North Quay set to be demolished after chairman settles split vote

North Quay set to be demolished after chairman settles split vote

north quay offices

It’s finally happening – the huge former Weymouth and Portland Borough Council building is to be razed to the ground, opening up a prime piece of land on the harbourside.
Councillors on Dorset Council’s area planning committee have agreed to demolish the concrete building occupied by the local authority on North Quay for nearly half a century. Initially, the land will be used for car parking before being turned over to houses, changing the landscape forever.
The offices were occupied by hundreds of borough council staff from 1974 until 2019, when the new unitary Dorset Council superseded it.
Dorset Council was awarded £19.5m from the Government’s Levelling Up Funding (LUF) in January and aims to spend it on a dramatic transformation in three key areas of Weymouth.
The two other sites are the peninsula, (the piece of land currently used as car parking beyond the Pavilion) and the town centre.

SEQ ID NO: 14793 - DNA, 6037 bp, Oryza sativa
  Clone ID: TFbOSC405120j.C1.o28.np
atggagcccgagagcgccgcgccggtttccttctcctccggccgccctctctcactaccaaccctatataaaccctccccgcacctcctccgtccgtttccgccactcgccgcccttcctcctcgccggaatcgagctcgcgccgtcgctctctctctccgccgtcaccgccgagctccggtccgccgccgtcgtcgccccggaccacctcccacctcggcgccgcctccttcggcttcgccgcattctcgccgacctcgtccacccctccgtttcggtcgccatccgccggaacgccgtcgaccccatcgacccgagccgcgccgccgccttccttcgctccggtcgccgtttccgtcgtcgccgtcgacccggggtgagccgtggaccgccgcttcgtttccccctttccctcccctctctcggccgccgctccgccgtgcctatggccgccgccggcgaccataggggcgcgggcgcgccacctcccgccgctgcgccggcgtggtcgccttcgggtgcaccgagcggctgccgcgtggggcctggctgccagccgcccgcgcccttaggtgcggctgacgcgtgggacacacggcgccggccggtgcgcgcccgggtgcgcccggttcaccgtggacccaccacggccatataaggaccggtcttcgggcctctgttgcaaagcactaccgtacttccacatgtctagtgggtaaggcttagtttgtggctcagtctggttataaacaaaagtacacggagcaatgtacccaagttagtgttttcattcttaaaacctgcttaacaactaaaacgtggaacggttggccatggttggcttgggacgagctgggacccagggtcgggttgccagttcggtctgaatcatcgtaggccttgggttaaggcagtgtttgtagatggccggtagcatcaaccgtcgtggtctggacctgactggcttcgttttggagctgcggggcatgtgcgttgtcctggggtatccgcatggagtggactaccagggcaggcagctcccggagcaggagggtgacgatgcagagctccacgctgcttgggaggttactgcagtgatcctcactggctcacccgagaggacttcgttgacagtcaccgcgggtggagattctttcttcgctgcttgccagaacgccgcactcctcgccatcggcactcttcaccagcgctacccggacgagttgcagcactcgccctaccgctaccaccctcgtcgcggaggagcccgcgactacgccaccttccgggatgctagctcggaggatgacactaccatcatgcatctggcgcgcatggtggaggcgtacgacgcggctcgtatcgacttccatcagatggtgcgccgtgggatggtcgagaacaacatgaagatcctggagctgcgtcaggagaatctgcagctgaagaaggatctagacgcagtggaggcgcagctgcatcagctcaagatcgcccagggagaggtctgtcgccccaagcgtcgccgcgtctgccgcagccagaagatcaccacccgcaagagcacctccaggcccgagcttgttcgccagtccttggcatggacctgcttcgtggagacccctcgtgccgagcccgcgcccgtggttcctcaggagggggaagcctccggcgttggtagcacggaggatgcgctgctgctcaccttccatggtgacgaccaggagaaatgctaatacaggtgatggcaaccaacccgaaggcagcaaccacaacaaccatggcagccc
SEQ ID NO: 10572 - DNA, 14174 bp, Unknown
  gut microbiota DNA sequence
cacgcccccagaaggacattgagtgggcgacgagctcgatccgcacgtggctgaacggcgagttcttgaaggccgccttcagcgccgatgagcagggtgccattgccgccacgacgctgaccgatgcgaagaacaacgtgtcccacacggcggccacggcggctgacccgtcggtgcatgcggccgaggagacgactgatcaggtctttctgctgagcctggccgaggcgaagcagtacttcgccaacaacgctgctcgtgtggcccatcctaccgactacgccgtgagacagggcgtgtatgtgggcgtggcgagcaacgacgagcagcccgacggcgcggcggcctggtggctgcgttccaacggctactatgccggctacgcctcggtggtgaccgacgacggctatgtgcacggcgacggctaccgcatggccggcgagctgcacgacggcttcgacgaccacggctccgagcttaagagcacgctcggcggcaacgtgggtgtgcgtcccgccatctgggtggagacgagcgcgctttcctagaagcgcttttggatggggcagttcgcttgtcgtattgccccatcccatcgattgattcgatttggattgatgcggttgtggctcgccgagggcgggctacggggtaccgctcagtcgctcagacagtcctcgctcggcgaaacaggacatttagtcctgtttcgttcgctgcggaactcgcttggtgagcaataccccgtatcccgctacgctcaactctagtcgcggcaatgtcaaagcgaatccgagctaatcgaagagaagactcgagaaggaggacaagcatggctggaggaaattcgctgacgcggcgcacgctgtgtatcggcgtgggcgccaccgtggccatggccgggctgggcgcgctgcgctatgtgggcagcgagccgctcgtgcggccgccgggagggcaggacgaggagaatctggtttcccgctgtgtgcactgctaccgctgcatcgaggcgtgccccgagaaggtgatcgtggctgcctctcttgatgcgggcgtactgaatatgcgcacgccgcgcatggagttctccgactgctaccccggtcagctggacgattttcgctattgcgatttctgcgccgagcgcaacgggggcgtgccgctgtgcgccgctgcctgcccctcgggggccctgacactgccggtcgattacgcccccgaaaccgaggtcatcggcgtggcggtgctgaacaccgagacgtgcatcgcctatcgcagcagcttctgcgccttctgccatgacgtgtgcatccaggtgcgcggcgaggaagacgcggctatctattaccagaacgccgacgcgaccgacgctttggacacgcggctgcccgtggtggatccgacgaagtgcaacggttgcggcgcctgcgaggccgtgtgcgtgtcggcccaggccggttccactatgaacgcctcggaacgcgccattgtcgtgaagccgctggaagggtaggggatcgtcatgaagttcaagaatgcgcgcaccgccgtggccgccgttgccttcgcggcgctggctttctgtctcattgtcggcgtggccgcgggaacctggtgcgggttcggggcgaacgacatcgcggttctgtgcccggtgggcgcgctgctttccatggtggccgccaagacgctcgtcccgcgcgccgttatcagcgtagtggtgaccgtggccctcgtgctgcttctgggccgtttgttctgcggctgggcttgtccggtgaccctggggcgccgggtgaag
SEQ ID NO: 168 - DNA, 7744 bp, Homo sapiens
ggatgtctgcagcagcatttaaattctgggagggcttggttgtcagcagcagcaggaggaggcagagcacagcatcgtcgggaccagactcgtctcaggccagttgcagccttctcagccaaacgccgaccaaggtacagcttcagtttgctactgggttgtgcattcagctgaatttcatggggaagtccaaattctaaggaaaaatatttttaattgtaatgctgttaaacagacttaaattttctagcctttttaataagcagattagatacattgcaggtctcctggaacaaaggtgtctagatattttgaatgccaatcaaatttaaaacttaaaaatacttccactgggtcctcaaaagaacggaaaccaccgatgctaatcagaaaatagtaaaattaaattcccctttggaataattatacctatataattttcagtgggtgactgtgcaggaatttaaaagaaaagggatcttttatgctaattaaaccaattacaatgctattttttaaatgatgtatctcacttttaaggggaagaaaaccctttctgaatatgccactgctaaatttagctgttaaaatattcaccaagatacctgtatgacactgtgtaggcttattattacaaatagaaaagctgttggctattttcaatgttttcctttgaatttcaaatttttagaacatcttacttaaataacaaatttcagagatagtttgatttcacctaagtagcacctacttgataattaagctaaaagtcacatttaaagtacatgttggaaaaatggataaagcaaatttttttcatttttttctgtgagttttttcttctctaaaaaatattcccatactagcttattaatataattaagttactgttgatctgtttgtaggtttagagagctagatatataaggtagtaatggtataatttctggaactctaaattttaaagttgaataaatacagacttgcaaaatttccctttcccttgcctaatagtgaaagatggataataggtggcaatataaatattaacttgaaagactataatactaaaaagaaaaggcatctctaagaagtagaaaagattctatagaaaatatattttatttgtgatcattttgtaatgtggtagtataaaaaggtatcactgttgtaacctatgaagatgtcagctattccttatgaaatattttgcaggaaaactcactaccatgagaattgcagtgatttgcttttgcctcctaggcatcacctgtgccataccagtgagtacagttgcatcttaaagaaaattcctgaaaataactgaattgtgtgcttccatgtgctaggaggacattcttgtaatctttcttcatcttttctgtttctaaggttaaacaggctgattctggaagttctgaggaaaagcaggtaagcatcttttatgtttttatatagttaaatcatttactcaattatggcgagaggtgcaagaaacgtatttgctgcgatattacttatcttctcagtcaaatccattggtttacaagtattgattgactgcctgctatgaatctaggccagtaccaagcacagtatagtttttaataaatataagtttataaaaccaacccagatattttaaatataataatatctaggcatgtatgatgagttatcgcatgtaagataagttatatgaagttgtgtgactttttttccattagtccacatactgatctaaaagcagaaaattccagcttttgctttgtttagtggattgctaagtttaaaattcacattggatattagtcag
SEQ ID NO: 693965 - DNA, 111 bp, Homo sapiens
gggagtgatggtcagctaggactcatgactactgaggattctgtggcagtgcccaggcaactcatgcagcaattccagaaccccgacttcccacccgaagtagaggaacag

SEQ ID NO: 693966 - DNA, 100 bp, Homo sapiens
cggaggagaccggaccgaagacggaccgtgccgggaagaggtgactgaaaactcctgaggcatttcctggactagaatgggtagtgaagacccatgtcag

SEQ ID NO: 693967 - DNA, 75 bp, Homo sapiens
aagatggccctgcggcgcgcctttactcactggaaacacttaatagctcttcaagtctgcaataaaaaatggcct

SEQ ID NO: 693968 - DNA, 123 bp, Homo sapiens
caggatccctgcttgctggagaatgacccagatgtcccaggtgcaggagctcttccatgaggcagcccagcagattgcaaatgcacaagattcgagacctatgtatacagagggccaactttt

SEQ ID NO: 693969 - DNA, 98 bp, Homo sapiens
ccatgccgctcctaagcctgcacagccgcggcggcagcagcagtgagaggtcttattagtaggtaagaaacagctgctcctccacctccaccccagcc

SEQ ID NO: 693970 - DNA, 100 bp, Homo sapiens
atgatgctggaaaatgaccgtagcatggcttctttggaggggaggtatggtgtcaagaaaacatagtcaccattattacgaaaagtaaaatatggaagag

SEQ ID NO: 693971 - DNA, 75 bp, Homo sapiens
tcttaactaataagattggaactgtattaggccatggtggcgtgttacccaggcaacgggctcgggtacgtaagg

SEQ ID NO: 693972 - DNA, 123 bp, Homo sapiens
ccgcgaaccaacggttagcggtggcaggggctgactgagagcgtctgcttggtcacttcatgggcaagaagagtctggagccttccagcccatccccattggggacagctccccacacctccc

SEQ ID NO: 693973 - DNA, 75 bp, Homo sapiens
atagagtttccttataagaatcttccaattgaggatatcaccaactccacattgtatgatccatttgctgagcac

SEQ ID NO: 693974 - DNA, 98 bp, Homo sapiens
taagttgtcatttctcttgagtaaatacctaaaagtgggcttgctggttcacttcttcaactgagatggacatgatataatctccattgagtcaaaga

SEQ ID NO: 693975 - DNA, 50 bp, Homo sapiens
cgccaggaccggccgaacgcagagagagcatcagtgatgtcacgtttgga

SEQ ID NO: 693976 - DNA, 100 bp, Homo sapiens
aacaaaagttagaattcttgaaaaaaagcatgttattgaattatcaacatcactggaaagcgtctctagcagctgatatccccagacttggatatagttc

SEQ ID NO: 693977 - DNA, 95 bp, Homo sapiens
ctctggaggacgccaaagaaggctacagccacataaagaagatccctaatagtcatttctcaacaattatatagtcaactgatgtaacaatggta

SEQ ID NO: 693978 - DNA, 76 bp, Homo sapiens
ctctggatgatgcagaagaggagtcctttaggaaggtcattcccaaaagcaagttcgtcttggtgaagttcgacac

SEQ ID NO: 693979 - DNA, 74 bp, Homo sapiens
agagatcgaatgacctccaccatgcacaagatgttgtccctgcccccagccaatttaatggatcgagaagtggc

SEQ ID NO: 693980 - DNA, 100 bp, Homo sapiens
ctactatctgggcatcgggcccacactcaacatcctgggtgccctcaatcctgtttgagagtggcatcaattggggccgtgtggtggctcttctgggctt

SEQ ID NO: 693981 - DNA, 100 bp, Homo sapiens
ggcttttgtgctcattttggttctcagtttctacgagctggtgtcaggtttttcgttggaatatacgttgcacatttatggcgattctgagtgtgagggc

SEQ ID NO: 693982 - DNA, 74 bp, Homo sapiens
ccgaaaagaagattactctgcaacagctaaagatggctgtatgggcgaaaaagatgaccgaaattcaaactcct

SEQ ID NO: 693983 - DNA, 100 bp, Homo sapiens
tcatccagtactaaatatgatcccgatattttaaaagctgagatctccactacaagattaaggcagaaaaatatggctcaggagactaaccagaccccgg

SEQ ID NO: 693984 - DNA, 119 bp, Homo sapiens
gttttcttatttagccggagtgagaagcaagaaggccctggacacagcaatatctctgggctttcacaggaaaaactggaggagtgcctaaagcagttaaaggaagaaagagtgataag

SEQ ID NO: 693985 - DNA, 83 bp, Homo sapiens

Despite some grand plans for the area, and the fact the building is costing about £110,000 a year just sitting there, councillors had mixed reactions to the proposed demolition, with the vote split down the middle before the chairman used his casting vote.
A previous application to demolish and redevelop the site was withdrawn after the area planning committee voted against the proposed demolition and redevelopment scheme in September 2019.
Some work has already been done at the site and it is hoped to excavate it to build on the findings of an archaeological dig in 2021, which uncovered the remains of a medieval house, thought to have been built between the 12th and 15th centuries. The site is thought to have seen action during the Battle of Weymouth in the Civil War in 1645.
The council will now look for a development partner, while the North Quay site is demolished over 15 weeks.
The cost of demolition and creation of a temporary car park on the site is expected to be around £600,000.

Any future sale of the site will have terms attached so that the council retains some control over what may be built. This also means the council can ensure any redevelopment will follow Local and Neighbourhood Plan requirements.

  • In addition to Dorset Council’s regeneration plans, the town council also hopes to revamp the seafront. A consultation survey is now open until Tuesday, August 15 here

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